I have not kept up with my so-called weekly reports, but it is not because of a lack of things to report. January and February brought snow and mammal tracks to look at, fiber arts, and writing projects; by March we were already well into a month-long excursion to the desert of California, from which we just returned.
Our trip took us first to my parents’ house in central Ohio, where spring was already well underway on Feb 21st. The vernal pool was full of chorusing wood frogs and salamander eggs. The first of the spring ephemeral wildflowers, harbinger of spring (Erigenia bulbosa), was up and blooming.
The next big stop was in New Mexico, where we toured Gila Cliff Dwellings National Monument. I love the sense of standing on ground where people made their homes hundreds of years ago. Pictured below are some of the dwellings (a series of 6 caves contains around 40 rooms) and pictographs from a few miles down the road. Near the pictographs was a single cave with three rooms. The wood over the entrance contained evidence of bark beetles over 600 years old.
Wanting to escape the chilly air in New Mexico and fulfill the mission of the trip (finding leaf-mining insects in the desert), we headed into the glorious canyons of southeastern Arizona. We camped in Cave Creek Canyon and Millers Canyon, and explored a Nature Conservancy property in Ramsey Canyon. Each canyon feels quite different, but all are lush with birds, plants, naturalists, good hiking, and insect mysteries solved or discovered.
To get a sense of the Sonoran Desert surrounding these canyons, we decided to go to Saguaro National Park, where everything seems thorny! The curve-billed thrashers, mockingbirds, cactus wrens, and Gila woodpeckers were abundant and noisy, and we glimpsed a trio of shy Gambel’s quail.
After Tucson, we headed north to meet up with our friend Eric LoPresti near in the Tonto National Forest near Phoenix. A fellow bug-hunter, he proved a valuable asset by spotting leaf-miners, driving us to inaccessible places in a four-wheel drive high-clearance truck, cooking countless meals with us, and convincing us to come on the trip in the first place.
After finding several leafminers likely unknown to science, we caravaned through the strange town of Blythe into the California desert, camping in a bizarre moonscape near a military gunnery range in the Chocolate Mountains. The area looked blasted (more likely by OHVs than missiles) and had very little vegetation—but we found locally abundant teensy moths on desert ironwood (Olneya tesota).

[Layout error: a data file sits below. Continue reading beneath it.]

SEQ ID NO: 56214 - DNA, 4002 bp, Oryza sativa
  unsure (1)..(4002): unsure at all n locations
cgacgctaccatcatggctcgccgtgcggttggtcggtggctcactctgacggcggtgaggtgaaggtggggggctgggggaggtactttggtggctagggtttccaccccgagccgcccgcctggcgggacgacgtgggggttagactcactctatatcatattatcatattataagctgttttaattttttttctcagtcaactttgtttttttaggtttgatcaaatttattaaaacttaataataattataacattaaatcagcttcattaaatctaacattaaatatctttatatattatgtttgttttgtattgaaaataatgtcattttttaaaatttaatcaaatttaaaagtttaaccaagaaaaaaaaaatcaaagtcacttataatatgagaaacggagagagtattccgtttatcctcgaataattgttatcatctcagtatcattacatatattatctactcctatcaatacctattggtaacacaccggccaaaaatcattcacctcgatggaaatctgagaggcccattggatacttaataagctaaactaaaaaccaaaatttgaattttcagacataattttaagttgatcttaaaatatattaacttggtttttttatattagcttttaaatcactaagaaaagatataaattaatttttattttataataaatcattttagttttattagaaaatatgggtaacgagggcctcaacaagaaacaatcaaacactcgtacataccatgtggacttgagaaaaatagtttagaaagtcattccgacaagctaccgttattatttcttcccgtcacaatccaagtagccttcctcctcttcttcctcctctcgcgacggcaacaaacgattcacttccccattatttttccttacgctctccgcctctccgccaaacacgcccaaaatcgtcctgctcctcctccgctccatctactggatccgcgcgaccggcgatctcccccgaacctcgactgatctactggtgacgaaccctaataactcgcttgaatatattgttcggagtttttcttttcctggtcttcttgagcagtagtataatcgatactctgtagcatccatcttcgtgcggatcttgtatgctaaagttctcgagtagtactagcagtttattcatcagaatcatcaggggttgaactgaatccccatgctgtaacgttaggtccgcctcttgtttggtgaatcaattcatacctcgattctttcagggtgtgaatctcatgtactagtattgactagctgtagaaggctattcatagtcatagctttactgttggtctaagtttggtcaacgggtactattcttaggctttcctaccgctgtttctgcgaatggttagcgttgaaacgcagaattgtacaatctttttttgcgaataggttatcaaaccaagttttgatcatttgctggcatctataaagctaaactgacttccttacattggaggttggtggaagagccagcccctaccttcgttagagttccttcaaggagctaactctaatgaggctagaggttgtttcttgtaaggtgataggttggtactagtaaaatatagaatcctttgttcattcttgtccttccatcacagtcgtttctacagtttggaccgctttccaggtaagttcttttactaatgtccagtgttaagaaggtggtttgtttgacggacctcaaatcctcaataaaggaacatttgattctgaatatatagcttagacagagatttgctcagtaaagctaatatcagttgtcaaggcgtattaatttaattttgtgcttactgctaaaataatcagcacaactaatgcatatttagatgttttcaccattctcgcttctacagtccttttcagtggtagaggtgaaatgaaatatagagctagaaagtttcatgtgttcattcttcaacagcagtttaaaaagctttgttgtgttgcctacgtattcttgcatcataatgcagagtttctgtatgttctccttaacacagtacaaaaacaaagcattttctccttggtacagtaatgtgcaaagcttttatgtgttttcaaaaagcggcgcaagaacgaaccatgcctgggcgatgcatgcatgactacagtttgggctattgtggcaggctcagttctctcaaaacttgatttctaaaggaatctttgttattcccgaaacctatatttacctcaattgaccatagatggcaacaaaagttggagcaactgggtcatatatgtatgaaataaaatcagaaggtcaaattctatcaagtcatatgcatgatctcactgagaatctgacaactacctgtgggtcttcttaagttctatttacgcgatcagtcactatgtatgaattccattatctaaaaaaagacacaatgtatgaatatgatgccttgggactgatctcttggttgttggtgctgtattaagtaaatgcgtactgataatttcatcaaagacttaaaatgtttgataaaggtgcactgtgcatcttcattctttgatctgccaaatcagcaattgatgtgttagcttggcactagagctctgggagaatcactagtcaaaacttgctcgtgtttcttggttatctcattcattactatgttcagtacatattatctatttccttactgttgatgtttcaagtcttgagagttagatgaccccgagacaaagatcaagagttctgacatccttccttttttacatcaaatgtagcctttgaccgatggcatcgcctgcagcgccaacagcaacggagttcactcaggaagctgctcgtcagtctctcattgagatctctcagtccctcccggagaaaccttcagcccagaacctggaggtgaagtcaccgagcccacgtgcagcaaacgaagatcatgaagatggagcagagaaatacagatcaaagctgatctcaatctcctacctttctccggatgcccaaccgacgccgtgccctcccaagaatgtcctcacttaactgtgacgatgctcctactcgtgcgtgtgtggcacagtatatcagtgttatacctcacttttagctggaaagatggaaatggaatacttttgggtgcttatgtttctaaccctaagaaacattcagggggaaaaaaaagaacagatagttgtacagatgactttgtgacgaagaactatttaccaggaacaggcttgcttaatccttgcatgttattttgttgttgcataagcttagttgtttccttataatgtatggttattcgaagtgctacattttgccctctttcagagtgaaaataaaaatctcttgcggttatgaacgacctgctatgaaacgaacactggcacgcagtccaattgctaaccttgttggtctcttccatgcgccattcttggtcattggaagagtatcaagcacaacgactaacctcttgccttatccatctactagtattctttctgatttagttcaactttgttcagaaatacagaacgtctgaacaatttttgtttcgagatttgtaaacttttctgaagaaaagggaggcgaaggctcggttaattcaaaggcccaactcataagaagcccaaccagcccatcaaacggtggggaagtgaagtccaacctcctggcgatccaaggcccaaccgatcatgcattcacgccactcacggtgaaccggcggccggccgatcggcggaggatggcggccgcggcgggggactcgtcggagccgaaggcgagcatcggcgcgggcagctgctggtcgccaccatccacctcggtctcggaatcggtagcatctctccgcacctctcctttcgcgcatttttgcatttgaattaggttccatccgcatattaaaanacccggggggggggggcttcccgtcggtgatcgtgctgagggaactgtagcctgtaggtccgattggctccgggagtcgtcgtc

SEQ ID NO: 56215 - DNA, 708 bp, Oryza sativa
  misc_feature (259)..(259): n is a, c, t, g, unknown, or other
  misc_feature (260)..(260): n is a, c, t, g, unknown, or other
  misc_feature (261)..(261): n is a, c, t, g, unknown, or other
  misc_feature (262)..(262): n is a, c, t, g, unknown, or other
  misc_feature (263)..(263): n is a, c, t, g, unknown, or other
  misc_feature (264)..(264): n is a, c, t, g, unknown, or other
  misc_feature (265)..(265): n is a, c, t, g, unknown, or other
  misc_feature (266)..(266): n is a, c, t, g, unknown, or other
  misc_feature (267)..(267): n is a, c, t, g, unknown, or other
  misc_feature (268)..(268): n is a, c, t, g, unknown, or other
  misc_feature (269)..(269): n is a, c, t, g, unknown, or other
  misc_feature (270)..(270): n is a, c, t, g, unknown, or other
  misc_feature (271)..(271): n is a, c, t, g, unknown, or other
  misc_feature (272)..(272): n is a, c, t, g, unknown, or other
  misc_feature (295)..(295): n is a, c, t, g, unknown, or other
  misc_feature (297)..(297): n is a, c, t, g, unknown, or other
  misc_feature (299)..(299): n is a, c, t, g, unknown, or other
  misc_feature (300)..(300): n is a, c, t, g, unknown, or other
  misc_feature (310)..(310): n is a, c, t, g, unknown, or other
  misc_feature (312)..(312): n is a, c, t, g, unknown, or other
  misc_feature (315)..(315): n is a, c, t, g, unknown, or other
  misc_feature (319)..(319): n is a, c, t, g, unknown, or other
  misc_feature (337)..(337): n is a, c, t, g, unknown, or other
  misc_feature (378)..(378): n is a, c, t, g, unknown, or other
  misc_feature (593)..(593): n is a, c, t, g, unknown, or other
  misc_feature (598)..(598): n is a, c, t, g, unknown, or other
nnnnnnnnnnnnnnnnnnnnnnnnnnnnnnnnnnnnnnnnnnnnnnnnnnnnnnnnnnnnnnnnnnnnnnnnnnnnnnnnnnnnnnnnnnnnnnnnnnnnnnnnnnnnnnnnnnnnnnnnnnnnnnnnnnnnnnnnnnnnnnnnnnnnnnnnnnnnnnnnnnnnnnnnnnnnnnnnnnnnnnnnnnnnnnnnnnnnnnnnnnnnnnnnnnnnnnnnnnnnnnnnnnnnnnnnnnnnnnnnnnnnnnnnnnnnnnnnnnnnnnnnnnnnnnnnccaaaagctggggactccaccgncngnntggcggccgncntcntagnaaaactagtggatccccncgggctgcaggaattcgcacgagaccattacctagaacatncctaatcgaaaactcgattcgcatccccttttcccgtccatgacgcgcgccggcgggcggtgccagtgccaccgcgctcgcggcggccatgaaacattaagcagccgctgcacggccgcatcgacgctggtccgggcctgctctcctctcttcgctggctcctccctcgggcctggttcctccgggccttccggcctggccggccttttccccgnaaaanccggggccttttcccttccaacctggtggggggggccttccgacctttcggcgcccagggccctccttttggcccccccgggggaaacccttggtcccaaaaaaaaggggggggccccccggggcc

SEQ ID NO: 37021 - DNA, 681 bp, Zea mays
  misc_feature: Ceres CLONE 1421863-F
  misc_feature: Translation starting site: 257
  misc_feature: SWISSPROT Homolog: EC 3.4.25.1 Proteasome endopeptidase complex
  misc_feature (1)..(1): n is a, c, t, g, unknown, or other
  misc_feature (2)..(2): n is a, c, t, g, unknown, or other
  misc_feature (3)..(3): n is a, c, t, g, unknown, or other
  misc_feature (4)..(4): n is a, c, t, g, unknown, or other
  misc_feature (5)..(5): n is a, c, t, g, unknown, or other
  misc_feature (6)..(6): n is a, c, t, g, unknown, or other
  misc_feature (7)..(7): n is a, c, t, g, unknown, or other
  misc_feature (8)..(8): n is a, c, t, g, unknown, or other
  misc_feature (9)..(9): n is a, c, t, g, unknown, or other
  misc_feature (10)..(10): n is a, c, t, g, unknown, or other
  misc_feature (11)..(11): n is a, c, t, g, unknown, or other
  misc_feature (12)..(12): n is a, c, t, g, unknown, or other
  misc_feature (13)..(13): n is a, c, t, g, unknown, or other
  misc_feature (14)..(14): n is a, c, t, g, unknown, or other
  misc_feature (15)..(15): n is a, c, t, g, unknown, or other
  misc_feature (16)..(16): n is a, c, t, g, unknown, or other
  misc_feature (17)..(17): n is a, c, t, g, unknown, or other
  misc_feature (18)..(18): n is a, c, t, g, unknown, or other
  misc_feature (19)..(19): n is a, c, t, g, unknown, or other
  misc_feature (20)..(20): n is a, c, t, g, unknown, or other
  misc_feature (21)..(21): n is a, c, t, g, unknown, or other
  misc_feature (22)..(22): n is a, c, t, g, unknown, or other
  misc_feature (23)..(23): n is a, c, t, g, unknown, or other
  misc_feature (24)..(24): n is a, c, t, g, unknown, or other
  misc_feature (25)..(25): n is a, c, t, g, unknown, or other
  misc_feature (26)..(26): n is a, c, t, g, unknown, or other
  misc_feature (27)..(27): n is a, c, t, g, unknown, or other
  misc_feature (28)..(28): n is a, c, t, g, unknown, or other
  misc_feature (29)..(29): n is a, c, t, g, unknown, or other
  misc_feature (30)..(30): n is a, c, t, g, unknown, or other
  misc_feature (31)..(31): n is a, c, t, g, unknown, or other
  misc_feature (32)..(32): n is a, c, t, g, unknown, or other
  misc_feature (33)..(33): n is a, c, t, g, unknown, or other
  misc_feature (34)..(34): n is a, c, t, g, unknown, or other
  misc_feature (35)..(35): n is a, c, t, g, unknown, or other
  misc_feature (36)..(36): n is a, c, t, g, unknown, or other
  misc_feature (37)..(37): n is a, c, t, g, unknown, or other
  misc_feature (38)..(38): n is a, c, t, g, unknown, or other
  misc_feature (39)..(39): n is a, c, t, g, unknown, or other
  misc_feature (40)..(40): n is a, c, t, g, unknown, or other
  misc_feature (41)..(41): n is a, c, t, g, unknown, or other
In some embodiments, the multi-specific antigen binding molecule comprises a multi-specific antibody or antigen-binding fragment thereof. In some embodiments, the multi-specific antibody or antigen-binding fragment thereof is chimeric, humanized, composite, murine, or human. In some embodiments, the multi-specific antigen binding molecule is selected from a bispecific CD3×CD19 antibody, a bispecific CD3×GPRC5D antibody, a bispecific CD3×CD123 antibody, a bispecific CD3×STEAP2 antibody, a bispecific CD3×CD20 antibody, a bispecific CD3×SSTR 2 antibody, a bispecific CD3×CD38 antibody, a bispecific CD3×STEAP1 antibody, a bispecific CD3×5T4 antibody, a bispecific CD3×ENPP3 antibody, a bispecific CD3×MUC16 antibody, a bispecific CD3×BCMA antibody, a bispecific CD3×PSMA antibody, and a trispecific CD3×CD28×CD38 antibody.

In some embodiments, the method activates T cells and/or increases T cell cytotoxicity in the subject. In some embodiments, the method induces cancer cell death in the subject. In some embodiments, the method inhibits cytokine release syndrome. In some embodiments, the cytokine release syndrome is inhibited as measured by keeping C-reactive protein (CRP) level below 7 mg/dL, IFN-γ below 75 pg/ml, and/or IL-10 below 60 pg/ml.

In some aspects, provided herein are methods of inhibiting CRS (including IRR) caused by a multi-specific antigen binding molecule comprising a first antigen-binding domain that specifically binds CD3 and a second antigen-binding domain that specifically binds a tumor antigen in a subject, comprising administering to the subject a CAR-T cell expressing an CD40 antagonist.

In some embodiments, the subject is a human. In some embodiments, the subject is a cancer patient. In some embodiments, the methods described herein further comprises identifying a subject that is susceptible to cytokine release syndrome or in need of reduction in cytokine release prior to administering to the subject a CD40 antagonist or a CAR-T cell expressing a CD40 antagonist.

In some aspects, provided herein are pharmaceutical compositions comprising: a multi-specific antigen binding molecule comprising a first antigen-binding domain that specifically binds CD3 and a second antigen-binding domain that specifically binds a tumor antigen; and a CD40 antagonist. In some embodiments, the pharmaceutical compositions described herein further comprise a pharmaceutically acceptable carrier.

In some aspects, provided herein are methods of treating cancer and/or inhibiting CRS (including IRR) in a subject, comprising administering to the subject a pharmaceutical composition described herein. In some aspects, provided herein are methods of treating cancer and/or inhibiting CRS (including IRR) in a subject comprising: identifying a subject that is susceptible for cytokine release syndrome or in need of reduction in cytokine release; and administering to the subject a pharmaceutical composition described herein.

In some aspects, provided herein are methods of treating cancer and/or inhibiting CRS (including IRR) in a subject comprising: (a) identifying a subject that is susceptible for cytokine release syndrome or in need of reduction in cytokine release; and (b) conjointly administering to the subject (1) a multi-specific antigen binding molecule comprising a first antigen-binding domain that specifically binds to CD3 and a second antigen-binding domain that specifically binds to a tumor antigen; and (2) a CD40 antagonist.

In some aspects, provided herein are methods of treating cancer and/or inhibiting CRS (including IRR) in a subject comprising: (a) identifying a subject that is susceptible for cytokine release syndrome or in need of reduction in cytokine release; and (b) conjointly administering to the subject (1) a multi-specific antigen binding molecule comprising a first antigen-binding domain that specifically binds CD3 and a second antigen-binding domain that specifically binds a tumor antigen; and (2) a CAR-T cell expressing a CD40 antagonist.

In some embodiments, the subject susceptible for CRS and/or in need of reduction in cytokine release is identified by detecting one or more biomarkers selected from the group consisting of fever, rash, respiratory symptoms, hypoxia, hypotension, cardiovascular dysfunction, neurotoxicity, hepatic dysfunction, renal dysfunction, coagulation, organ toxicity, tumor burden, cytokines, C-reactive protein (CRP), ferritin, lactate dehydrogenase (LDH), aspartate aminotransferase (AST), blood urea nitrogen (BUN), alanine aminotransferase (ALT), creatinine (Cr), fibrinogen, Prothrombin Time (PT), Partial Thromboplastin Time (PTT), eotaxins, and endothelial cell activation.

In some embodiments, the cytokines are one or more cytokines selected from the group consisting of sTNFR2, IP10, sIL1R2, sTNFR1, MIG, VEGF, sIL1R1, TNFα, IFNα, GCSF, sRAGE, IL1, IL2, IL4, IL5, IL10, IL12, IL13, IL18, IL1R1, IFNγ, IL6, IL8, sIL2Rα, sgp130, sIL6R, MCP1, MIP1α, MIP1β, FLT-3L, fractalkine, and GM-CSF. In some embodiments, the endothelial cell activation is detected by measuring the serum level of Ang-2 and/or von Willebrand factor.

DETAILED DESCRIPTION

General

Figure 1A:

A stop in the Algodones Dunes got us into a whole new set of plants, and a whole new bizarre landscape, which seemed like it didn’t belong so far inland. We encountered one of Eric’s favorite plants, Abronia (sand-verbena, a pretty purple flower), for the first time. He studies insect herbivory and plant defenses at UC Davis, and his normal high level of enthusiasm would increase to animated shouts whenever he saw a plant so sticky that it became covered with sand.
Our next stop was Shell Canyon, near the town of Ocotillo. We ambled through the wildflowers beneath a bunch of wind turbines for an hour or so, then drove to the end of a very rough road into a slot canyon to camp. White-fronted swifts (Cypseloides storeri) were feeding nestlings on the cliff wall.
Then, finally, we reached our destination and turn-around point: Anza-Borrego State Park, which was also the destination of everyone who watches ABC or CNN or reads the Washington Post; there had been extensive coverage of the super-bloom the previous week. We encountered the flowers pictured below in the southwestern edge of the park along the road and near the Bow Willow campground.
We stayed at a University of California field station near Borrego Springs, where we met up with other entomologists and took day trips out to search for bugs (and enjoy the flowers). We saw “flower alley” in Coyote Canyon, which was full of tourists, and much farther up the canyon was a stream with running water and willows. There was also quiet, lovely Tubb Canyon, on an impossible road, and we drove into the desolate Wind Canyon and hiked out to see the Elephant Trees.
The most spectacular place was called Hawk Canyon; we first got there taking a trail to “The Slot” and then clambering down into the canyon, which turned out to be full of lupines and evening primroses.
Heading home, we couldn’t resist stopping at Madera Canyon (just south of Tucson, AZ), which is one of my favorite places in the world. We stayed there for several days in November on our first big road trip in 2012; this time we didn’t have the campground to ourselves (in fact, the campground was full and we had to camp out in the open range with a bunch of cows), but we met up with a friend from college and hiked up to an old mine and on the little streamside nature trail, plus we found plenty of interesting birds and bugs.
Last stop: a 5000-acre ranch owned by a moth enthusiast in southern Texas. We found so many great leafminers there that I forgot to take pictures!
On the way home we slept in the Mark Twain National Forest in Missouri, saw my sister in Ohio for her birthday, and made it home in time for a selectboard meeting. Back in Massachusetts, we found a foot of snow and a partially collapsed greenhouse, but also a nicely plowed driveway, happy chickens, intact pipes, and blooming orchids.